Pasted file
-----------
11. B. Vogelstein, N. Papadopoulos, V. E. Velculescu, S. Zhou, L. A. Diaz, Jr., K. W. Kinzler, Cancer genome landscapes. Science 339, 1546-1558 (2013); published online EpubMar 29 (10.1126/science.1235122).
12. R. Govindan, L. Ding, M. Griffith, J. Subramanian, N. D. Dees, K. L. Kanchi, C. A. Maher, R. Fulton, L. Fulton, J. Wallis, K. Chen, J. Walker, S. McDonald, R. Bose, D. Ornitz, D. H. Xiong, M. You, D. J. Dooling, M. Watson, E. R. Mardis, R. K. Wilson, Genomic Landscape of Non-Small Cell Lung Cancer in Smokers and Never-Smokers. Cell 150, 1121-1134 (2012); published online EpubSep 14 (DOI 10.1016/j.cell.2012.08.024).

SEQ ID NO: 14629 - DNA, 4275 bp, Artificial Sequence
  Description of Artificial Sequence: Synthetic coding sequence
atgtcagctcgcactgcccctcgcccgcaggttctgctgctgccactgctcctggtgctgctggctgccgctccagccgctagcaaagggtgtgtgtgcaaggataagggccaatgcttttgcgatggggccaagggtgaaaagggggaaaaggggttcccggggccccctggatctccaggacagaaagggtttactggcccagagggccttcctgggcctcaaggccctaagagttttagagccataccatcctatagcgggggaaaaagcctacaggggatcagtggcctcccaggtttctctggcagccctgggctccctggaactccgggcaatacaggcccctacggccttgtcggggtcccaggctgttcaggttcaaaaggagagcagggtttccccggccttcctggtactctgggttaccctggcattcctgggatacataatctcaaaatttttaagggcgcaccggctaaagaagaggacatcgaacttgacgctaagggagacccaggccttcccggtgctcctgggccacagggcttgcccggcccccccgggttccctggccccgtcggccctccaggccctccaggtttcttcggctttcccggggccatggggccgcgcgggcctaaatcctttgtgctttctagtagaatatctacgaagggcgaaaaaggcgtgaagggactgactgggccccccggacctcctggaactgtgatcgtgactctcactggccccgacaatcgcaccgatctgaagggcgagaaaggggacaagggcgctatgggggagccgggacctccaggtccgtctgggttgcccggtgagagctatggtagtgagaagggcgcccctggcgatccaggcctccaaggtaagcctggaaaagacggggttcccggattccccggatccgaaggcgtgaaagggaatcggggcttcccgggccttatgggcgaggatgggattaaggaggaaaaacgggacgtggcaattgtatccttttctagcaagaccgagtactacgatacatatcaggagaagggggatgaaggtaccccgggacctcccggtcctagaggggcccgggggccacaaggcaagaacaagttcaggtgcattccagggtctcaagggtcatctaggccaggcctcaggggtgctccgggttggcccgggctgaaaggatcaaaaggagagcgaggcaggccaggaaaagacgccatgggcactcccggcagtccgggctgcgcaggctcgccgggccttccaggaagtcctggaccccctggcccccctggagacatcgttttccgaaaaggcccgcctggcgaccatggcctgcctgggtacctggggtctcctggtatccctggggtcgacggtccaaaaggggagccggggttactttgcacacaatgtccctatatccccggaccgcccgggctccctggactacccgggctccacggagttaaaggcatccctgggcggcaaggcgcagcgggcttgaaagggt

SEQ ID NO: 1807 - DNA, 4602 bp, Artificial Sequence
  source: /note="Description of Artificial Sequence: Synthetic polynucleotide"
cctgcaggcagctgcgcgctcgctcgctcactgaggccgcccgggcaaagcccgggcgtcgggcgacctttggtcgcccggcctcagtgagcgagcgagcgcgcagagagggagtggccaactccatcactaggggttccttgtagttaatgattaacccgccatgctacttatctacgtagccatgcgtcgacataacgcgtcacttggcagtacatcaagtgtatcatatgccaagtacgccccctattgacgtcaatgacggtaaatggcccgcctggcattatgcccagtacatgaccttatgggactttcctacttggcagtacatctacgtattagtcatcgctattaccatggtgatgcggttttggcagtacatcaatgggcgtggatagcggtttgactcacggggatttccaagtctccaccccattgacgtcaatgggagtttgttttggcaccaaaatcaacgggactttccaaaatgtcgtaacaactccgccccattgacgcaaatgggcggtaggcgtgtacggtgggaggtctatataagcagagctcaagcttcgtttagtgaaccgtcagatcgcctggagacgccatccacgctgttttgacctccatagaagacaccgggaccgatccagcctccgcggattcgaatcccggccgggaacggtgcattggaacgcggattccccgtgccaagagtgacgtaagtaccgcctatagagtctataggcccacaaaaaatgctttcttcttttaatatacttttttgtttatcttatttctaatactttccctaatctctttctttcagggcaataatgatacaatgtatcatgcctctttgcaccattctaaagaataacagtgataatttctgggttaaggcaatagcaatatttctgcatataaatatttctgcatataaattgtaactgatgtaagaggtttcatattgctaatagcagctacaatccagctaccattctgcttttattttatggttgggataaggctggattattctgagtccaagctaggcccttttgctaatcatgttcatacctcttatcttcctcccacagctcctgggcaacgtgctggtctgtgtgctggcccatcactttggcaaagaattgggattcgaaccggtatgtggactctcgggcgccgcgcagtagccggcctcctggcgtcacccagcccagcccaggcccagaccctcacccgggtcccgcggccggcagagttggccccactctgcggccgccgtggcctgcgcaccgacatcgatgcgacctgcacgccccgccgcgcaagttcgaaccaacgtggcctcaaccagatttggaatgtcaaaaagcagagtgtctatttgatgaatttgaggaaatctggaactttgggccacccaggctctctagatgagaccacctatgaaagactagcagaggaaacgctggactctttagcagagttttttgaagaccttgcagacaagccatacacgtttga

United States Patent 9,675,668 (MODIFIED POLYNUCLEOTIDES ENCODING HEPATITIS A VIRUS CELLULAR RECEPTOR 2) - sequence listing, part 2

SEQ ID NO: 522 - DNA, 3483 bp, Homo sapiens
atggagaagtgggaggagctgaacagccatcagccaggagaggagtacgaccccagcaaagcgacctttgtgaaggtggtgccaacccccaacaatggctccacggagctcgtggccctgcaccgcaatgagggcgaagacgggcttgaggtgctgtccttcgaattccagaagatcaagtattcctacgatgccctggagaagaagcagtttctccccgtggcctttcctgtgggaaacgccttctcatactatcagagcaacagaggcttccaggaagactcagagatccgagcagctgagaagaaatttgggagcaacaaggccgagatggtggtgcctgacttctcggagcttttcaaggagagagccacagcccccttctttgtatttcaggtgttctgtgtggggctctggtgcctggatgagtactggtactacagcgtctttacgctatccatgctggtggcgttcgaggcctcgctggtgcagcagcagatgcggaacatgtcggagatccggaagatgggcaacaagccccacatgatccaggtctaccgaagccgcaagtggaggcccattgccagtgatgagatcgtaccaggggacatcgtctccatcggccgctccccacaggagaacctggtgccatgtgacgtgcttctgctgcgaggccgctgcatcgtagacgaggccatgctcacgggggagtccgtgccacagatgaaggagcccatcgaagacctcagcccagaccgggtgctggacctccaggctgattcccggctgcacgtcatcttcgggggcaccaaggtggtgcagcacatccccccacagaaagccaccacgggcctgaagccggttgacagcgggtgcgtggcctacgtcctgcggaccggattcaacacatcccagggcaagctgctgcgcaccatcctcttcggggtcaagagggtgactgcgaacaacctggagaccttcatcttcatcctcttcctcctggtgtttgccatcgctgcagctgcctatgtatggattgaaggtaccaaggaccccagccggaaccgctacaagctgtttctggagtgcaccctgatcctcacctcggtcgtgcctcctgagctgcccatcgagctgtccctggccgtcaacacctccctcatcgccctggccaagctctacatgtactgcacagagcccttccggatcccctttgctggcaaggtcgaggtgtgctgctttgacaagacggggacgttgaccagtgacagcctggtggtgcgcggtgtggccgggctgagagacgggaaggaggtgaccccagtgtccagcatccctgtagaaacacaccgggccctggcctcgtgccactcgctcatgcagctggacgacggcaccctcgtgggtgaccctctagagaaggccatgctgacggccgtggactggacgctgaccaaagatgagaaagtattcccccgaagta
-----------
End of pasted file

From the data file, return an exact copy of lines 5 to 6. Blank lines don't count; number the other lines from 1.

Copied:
atgtcagctcgcactgcccctcgcccgcaggttctgctgctgccactgctcctggtgctgctggctgccgctccagccgctagcaaagggtgtgtgtgcaaggataagggccaatgcttttgcgatggggccaagggtgaaaagggggaaaaggggttcccggggccccctggatctccaggacagaaagggtttactggcccagagggccttcctgggcctcaaggccctaagagttttagagccataccatcctatagcgggggaaaaagcctacaggggatcagtggcctcccaggtttctctggcagccctgggctccctggaactccgggcaatacaggcccctacggccttgtcggggtcccaggctgttcaggttcaaaaggagagcagggtttccccggccttcctggtactctgggttaccctggcattcctgggatacataatctcaaaatttttaagggcgcaccggctaaagaagaggacatcgaacttgacgctaagggagacccaggccttcccggtgctcctgggccacagggcttgcccggcccccccgggttccctggccccgtcggccctccaggccctccaggtttcttcggctttcccggggccatggggccgcgcgggcctaaatcctttgtgctttctagtagaatatctacgaagggcgaaaaaggcgtgaagggactgactgggccccccggacctcctggaactgtgatcgtgactctcactggccccgacaatcgcaccgatctgaagggcgagaaaggggacaagggcgctatgggggagccgggacctccaggtccgtctgggttgcccggtgagagctatggtagtgagaagggcgcccctggcgatccaggcctccaaggtaagcctggaaaagacggggttcccggattccccggatccgaaggcgtgaaagggaatcggggcttcccgggccttatgggcgaggatgggattaaggaggaaaaacgggacgtggcaattgtatccttttctagcaagaccgagtactacgatacatatcaggagaagggggatgaaggtaccccgggacctcccggtcctagaggggcccgggggccacaaggcaagaacaagttcaggtgcattccagggtctcaagggtcatctaggccaggcctcaggggtgctccgggttggcccgggctgaaaggatcaaaaggagagcgaggcaggccaggaaaagacgccatgggcactcccggcagtccgggctgcgcaggctcgccgggccttccaggaagtcctggaccccctggcccccctggagacatcgttttccgaaaaggcccgcctggcgaccatggcctgcctgggtacctggggtctcctggtatccctggggtcgacggtccaaaaggggagccggggttactttgcacacaatgtccctatatccccggaccgcccgggctccctggactacccgggctccacggagttaaaggcatccctgggcggcaaggcgcagcgggcttgaaagggt

SEQ ID NO: 1807 - DNA, 4602 bp, Artificial Sequence